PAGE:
Working in the world of fresh fruits and vegetables is a blessing because it gives us all the opportunity to live on the side of the angels, working to move a product that is not merely enjoyable but genuinely beneficial for individuals and the world at large.
At our events, we always like to have athletes present, partly because the story of healthy living involves both food and fitness, partly because sport is a story of achievement – as Jim McKay on ABC’s Wide World of Sports reminded us “the thrill of victory and the agony of defeat” — and so inspiring for us all.
And when an individual has had some bad luck, yet has not allowed himself or herself to accept this misfortune as a justification for failing to achieve, we all get the benefit of realizing that our problems are often petty and that, we too, can rise above our difficulties and achieve the things we value in our lives.
Self-pity can be a very destructive emotion, so we found a very inspiring person to meet with attendees and sign autographs while inspiring us to be all we can be. We asked Samina Virani, contributing editor to Pundit sister publication ProduceBusinessUK.com, to help us better understand his story:
Tim De Vries
Paralympic Hand Cyclist
Q: You have won countless gold medals, are known to push all boundaries and deliver amazing performances. Please tell us a little bit about your advice, “believe in your strength and focus on your goals.”
A: In 1997 I got into an accident on the trampoline during practice. The accident was so bad that they had to amputate my left leg through the knee. Ever since then, I have had to keep believing: If you want something, you can achieve it no matter what kind of handicap you have.
Q: It’s truly inspiring and courageous. How did your passion for sport in general begin?
A: It began when I started on the trampoline. I wanted to make it to the Olympics. Then several years after I had my accident, I started hand cycling. My Olympic dream changed into a Paralympic dream.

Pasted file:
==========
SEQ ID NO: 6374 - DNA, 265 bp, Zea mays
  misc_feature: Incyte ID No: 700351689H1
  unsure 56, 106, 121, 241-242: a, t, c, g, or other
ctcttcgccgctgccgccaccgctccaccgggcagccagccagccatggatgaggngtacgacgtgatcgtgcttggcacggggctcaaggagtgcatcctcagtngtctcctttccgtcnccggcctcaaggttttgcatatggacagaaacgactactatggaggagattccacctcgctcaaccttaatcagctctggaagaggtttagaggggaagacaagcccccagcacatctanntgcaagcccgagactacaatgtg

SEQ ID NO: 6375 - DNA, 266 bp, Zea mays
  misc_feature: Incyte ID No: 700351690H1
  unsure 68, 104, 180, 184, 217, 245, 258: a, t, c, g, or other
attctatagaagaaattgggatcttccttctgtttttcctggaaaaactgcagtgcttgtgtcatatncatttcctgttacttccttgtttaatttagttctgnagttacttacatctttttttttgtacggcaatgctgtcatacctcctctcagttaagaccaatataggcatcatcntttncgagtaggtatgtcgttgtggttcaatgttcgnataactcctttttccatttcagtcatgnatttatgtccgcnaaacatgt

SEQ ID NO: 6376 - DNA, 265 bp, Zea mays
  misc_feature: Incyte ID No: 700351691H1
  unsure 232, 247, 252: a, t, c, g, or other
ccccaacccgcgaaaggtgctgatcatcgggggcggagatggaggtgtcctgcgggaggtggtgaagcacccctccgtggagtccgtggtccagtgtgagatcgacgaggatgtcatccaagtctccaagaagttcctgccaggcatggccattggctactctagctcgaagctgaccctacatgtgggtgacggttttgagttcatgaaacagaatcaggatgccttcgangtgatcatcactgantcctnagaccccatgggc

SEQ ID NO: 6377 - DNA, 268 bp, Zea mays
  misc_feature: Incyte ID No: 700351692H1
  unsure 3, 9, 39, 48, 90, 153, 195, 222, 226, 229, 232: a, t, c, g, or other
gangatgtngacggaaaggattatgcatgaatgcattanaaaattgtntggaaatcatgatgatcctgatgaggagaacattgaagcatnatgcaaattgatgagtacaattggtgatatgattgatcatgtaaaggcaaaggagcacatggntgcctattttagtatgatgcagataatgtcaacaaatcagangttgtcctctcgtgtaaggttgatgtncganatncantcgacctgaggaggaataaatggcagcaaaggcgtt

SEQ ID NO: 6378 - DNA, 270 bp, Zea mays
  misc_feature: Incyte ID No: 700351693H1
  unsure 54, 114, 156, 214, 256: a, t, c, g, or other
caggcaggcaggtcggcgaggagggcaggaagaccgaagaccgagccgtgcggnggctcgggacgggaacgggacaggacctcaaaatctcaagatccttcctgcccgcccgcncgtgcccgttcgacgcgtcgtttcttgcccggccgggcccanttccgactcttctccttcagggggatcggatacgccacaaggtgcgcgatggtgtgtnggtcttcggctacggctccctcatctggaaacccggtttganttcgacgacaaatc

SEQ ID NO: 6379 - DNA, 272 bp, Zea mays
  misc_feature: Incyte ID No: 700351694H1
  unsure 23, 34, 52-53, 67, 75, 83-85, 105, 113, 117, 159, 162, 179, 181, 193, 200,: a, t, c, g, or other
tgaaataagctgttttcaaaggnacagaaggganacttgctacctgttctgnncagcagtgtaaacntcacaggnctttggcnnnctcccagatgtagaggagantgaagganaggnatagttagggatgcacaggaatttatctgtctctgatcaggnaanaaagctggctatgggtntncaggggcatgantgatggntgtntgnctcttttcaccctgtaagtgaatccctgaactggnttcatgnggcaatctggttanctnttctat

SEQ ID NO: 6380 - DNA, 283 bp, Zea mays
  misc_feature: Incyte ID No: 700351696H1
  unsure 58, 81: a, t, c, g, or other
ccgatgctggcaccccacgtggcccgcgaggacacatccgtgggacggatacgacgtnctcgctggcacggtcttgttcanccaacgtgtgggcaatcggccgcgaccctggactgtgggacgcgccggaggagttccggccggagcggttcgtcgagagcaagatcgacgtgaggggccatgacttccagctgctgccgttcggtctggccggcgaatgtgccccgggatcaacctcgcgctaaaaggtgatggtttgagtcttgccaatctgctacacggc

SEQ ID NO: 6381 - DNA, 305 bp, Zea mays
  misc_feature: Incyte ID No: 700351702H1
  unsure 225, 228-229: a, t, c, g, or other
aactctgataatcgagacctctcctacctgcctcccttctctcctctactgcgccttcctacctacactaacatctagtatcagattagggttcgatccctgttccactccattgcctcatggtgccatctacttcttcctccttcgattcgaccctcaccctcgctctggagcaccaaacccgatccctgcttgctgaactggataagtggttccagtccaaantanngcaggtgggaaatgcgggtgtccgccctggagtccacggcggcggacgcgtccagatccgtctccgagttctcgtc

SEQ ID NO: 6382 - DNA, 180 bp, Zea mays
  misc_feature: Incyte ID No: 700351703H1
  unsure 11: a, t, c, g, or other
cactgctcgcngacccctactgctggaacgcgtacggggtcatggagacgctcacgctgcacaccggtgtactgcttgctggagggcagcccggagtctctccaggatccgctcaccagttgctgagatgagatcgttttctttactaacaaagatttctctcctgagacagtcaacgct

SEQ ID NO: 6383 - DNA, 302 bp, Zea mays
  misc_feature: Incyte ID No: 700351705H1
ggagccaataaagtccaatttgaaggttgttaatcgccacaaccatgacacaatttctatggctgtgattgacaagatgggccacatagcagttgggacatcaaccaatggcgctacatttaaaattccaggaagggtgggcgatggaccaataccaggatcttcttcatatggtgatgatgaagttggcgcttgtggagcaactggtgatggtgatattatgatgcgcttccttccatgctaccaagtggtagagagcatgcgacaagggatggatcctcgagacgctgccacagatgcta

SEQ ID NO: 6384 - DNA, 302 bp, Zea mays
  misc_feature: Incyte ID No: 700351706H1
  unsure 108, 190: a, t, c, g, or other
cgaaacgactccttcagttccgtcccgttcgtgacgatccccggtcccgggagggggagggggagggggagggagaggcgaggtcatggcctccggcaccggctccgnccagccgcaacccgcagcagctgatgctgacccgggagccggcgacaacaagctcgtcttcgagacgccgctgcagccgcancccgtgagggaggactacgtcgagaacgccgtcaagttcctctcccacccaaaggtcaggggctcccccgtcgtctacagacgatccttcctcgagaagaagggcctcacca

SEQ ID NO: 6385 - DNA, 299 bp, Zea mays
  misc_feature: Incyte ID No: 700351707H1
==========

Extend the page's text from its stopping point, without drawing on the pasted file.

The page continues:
Q: You are also a motivational speaker with a strong message, “let your physical disability not be a mental limitation.” How did you get into speaking and what do you enjoy the most about it?
A: I started speaking in 2015 when the Tour de France started in The Netherlands. I went to schools to tell children about the tour and also about Paralympic cycling. My message was that even if you have a handicap, you don’t have to quit chasing your dream.
Q: How did the children react to your advice?
A: They all reacted really surprised because of my amputated leg, but were enthusiastic. I also told these kids that they need to be aware of healthy food like vegetables and fruit.
Q: How did the messages tie in between chasing one’s dreams and being aware of healthy food? For example, do you think nutrition has a big part to play in performance as an athlete?
A: I explained that the baseline is to eat healthy food like fruit and vegetables. That’s the start. Furthermore, if you show progress, you can focus on the moments you eat the food.
Q: What do you mean by that? To focus on the moments?
A: Well basically, the rule is to eat fruit and vegetables during the day. The fruit I take in the morning, and the vegetables I take in the afternoon just to have dinner. Then on a certain point like I am now, on a high sport’s level, it’s about taking the fruits at the right moment. You have to have the right amount of carbohydrate and eat at the right moment, so that you can train.
Q: So when you are training you have specific moment for specific types of food.
A: Exactly. When I was younger, my mother gave me breakfast, lunch and dinner. Right now I’m just eating every 2 hours just to get the vitamins and to get all the things I need, and to be not as full as I would be after one big dinner. If I’m full, then I cannot train at maximum capacity. So right now, I take a little bit of vegetables, bread, meat and fruit, during the whole day.
Q: How did you come to this routine or discipline? How do you know what works for you?
A: I have a dietician. I tell her what I’m eating at each moment. She tells me to eat certain kinds of food at certain times of the day. For example, fruit and muesli are good in the morning. After the training, protein is best; no protein before the training. So that’s the kind of way my dietician directs me. Then I start trying it myself, seeing what I like and what is keeping my stomach good.
Q: We are really interested in how nutrition plays a role in performance as an athlete. What you are describing sounds like there is quite an important role in it.
A: Absolutely. Also during the workout, and during the competition, nutrition is so important. I have had some problems in the past when I didn’t have enough carbohydrates and I got hunger pains.
Q: Do you ever adapt your diet according to a specific training you are doing? For example, can you tell us about the high altitude tent you stay in while gearing up for a competition?